Venison Osso Bucco

Venison Osso Bucco

by Dan Born

Looking back on the hunting trips of my past, I am horrified to have to account for all the shanks that were casually tossed into the trimming pile, destined for the grinder to be made into so many breakfast sausages, burger patties and casseroles. Sadly, I don’t think I was the only one committing what I now see as tantamount a sin on the level of the kind found on Moses’s tablets. That type of thrifty, easy to scale, function-over-form style of cooking which has long dominated the rural, Germanic-protestant northern Midwest I hail from certainly has its culinary highpoints (looking at you pickled herring in cream sauce and tater-tot hotdish), but bone-in cuts of red meat like the shank, that require a low and slow cooking process, largely fell by the wayside. 

That needs to stop.  Don't get me wrong, I love venison burger; we eat at least 2 pounds of it a week in our home, but you can make some amazingly rich and flavorful dishes with the shank, and I’m confident that one will never again see the grinder in my kitchen.  

Osso buco (or ossobuco, osso bucco) is an Italian dish made from cross cut shanks braised with vegetables. The name translates to "bone with a hole," which describes the marrow hole in the center of the bone cross section. Traditionally made from veal, the recipe works wonderfully with the shanks of wild ungulates like deer and elk. Someday I hope to make this dish with black bear.  


Two whole, frozen venison shanks sawed into 2-inch disks. A standard hack saw works great for this task, though I prefer a Japanese style pull saw, which cuts on the backward motion and results in a finer, more controlled cut.  I wrap the shanks whole in paper while butchering the deer and then keep them in my freezer, sawing the shanks into discs while frozen and letting the individual pieces thaw in my refrigerator prior to preparing the meal.

1 cup flour seasoned with salt and pepper

3 tablespoons bacon fat (vegetable oil works if you don’t have the bacon grease)

2 tablespoons butter

1 medium onion, chopped

1 small bag baby carrots, chopped.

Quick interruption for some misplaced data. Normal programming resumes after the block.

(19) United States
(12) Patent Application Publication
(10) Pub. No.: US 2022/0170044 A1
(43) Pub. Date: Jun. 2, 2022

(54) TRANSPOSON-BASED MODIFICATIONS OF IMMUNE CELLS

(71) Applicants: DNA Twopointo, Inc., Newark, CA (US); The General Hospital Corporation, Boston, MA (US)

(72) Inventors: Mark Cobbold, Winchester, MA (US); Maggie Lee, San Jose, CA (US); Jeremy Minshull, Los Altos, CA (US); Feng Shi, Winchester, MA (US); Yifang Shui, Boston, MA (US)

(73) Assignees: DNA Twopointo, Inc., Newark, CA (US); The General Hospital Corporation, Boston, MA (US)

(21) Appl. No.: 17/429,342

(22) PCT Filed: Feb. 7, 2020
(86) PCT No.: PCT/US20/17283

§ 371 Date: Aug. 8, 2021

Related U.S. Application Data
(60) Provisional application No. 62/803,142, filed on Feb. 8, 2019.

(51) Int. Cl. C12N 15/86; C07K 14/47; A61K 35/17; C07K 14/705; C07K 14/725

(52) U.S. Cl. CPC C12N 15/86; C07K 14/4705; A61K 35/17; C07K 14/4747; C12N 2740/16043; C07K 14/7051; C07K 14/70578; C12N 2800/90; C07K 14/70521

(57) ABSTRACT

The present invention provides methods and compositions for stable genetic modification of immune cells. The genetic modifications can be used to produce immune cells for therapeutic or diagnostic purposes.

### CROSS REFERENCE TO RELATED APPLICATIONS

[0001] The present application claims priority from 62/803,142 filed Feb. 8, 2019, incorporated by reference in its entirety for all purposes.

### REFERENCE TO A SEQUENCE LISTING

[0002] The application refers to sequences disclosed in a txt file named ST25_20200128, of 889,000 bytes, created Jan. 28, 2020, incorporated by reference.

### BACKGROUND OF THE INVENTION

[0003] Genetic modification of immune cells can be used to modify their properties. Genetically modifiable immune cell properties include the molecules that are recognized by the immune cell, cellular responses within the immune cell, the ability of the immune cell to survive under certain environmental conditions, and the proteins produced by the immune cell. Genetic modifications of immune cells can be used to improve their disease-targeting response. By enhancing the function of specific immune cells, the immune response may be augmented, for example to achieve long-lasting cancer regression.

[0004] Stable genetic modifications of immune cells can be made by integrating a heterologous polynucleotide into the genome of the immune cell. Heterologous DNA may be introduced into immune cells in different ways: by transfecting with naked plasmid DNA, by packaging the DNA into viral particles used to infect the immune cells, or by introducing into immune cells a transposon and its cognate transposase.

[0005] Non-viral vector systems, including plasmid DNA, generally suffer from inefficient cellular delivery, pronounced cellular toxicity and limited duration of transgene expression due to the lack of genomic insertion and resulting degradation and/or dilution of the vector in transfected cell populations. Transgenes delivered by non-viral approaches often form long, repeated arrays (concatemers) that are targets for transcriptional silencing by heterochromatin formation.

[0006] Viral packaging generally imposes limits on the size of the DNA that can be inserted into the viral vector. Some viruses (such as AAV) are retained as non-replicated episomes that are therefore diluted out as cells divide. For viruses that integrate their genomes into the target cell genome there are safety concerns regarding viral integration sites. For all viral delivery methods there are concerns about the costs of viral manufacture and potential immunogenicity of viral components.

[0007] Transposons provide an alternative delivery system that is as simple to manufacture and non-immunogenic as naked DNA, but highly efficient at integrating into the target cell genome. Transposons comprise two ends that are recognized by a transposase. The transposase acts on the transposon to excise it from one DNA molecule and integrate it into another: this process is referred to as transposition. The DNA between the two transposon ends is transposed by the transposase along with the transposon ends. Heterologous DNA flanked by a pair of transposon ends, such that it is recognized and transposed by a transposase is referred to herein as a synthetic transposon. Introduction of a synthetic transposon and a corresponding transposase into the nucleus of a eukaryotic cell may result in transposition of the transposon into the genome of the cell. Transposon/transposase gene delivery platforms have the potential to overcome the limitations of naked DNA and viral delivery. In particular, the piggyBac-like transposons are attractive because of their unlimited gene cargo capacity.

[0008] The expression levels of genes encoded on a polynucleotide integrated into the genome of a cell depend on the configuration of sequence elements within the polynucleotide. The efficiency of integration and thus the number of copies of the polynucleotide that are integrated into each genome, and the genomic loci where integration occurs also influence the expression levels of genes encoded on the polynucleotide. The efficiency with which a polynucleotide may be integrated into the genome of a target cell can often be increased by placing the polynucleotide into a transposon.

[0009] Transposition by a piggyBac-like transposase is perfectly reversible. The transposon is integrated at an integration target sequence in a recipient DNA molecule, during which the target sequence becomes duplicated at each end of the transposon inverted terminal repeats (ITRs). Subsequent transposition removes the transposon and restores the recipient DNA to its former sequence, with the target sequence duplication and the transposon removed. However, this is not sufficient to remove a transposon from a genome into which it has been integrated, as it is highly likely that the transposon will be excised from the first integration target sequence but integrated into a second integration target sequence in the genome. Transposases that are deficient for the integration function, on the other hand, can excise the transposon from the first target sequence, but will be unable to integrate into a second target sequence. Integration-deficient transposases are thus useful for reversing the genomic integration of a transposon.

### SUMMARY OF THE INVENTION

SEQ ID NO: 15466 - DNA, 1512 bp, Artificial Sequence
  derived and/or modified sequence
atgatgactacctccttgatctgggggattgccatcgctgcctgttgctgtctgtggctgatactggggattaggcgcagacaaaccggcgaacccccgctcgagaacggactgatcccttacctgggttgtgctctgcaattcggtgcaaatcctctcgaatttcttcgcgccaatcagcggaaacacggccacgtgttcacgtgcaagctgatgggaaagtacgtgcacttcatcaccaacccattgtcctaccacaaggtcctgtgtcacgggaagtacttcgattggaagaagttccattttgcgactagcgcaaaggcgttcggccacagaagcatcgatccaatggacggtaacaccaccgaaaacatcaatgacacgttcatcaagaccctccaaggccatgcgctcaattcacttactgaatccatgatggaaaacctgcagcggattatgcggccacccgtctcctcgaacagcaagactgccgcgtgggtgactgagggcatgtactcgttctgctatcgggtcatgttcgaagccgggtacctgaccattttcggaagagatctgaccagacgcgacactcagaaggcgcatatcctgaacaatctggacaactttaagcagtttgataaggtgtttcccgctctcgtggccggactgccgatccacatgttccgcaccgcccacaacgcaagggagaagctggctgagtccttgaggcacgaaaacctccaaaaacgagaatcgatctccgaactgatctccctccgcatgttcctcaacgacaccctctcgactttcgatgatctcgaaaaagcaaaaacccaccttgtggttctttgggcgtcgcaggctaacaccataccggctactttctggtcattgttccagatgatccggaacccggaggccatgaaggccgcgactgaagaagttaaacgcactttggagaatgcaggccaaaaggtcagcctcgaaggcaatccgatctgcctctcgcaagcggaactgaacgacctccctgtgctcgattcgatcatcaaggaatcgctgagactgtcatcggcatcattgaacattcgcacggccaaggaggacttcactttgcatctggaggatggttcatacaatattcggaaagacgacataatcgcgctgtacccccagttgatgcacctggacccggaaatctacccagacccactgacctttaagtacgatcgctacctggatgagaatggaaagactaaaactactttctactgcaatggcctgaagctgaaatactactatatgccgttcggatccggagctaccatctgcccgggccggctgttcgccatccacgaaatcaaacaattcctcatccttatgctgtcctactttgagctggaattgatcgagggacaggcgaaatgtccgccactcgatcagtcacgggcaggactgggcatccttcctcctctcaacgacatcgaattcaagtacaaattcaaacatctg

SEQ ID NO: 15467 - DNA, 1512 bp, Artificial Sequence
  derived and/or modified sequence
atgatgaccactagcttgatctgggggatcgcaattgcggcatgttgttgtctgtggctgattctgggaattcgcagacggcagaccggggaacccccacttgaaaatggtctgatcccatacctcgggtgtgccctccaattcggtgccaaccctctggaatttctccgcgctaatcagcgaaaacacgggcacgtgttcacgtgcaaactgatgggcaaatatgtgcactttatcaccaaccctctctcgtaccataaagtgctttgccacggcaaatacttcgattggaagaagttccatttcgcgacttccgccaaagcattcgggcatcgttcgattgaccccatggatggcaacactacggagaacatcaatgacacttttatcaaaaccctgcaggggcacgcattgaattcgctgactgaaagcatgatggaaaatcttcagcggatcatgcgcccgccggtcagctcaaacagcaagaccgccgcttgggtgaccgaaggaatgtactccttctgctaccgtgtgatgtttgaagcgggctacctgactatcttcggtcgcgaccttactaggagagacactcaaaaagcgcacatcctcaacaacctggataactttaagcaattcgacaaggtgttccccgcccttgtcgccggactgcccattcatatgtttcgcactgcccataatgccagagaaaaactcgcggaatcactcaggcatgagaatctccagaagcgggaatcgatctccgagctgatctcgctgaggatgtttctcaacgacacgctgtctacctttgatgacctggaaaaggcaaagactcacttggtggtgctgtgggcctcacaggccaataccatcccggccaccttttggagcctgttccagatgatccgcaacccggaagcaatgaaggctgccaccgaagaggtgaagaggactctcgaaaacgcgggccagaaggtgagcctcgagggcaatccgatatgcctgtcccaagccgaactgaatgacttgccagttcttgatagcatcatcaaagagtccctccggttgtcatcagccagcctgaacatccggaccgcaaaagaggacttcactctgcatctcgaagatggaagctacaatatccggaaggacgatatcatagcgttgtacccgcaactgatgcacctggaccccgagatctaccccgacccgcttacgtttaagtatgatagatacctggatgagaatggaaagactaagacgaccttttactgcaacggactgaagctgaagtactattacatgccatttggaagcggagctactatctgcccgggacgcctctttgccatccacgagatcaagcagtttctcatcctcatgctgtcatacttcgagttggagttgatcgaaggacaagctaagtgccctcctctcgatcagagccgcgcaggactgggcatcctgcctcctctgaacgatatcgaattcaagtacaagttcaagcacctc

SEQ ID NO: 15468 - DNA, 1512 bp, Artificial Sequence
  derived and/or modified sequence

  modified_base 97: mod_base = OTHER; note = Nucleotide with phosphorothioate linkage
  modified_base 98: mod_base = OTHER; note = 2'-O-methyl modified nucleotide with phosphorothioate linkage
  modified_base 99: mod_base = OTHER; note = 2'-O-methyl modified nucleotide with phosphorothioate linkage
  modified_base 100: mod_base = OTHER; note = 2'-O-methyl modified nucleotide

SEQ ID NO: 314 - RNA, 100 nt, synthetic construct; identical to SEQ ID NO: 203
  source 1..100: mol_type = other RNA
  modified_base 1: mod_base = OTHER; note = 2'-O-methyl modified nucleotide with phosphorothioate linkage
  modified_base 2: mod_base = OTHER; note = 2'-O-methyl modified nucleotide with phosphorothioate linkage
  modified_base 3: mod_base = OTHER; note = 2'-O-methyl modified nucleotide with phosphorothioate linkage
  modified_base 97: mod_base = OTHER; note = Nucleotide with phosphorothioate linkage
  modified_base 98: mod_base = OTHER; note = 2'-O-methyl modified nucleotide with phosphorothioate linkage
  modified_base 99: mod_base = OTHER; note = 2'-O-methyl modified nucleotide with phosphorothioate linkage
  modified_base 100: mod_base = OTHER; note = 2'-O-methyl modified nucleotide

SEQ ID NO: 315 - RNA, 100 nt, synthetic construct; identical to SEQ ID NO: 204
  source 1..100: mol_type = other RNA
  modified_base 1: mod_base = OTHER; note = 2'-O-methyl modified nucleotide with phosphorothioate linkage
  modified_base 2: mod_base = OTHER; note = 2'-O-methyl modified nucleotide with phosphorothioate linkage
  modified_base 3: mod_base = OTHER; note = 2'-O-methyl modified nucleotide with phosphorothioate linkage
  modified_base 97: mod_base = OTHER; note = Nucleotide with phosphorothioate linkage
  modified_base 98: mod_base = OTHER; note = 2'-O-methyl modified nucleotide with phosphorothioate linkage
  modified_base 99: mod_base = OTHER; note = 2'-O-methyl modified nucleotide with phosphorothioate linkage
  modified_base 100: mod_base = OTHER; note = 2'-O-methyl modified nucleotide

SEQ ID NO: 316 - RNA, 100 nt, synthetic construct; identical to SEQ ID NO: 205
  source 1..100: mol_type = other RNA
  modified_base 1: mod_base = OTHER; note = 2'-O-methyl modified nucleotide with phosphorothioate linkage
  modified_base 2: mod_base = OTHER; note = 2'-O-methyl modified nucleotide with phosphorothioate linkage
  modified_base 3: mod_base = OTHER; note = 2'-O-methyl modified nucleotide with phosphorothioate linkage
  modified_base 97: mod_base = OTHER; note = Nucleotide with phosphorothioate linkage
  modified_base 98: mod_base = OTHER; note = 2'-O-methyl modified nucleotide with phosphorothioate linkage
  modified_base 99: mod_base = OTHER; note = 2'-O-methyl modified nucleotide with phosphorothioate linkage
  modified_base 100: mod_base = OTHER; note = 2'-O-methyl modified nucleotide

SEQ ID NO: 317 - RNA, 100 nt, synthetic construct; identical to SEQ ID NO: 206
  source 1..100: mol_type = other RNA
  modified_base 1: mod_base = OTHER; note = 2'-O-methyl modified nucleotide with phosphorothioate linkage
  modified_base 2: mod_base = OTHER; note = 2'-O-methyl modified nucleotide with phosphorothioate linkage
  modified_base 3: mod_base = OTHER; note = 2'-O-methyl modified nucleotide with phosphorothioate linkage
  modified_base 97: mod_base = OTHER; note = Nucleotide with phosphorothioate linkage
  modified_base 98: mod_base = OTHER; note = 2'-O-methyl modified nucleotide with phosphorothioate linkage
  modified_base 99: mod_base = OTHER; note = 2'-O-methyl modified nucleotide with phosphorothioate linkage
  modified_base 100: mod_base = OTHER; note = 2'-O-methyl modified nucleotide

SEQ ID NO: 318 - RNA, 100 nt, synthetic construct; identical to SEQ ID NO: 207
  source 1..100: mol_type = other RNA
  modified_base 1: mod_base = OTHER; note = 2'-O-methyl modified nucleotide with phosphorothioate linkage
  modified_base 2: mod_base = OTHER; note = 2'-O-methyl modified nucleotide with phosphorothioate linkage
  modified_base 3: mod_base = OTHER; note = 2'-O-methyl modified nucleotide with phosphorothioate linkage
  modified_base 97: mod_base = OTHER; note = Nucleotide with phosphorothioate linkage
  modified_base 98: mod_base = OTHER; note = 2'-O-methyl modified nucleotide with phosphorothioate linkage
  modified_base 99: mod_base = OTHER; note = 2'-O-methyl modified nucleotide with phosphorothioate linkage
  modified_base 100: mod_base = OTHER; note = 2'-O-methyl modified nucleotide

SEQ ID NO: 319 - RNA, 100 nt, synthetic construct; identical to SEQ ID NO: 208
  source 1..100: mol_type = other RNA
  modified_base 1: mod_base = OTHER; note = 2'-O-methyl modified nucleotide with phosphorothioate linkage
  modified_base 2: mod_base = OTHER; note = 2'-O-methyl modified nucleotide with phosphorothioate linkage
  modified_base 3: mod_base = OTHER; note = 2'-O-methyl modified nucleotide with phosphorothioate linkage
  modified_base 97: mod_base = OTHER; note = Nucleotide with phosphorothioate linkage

2 cloves garlic, chopped

2 stalks celery, chopped

1 tablespoon tomato paste

1, 14 ounce can crushed tomatoes

1, 8 ounce can of beef stock

1 cup of red wine

3 tablespoons of Italian seasoning (or 1 tablespoon each of individual seasonings like rosemary, thyme, and oregano.

2 tablespoons chopped parsley.



1. Roll shanks in flour seasoned with salt and pepper.

2. Brown the shanks in the bacon fat in a hot, large cast iron skillet or other appropriately sized stovetop pan. Don’t crowd the shanks. Set shanks aside.

3. Add butter and sauté onions, garlic, carrots and celery for 5-6 minutes over medium heat or until slightly browned.

4. Add crushed tomatoes, tomato paste, Italian seasoning and ½ your beef broth and wine. Reduce heat and simmer for a few minutes.

5. Add shanks on top of the bed of vegetables and enough wine and broth to submerge ¾ of the shank disks.

6. Simmer covered for 4 hours, checking periodically to add additional wine or broth should the liquid evaporate too much. Cooking times will vary with the size of the shank. When the meat is just about ready to fall off the bone, it’s done.

7. Serve over polenta, risotto or even potatoes. Sprinkle a bit of the minced parsley on top for added presentation points.


Chef's Note *Although the dish appears "fancy" by most modern American standards, it has long been considered a working-class meal as shanks were cheap and easy to obtain. Delicious and simple to make, if your hunt results in a harvest, make sure to save those shanks for this most excellent dish.

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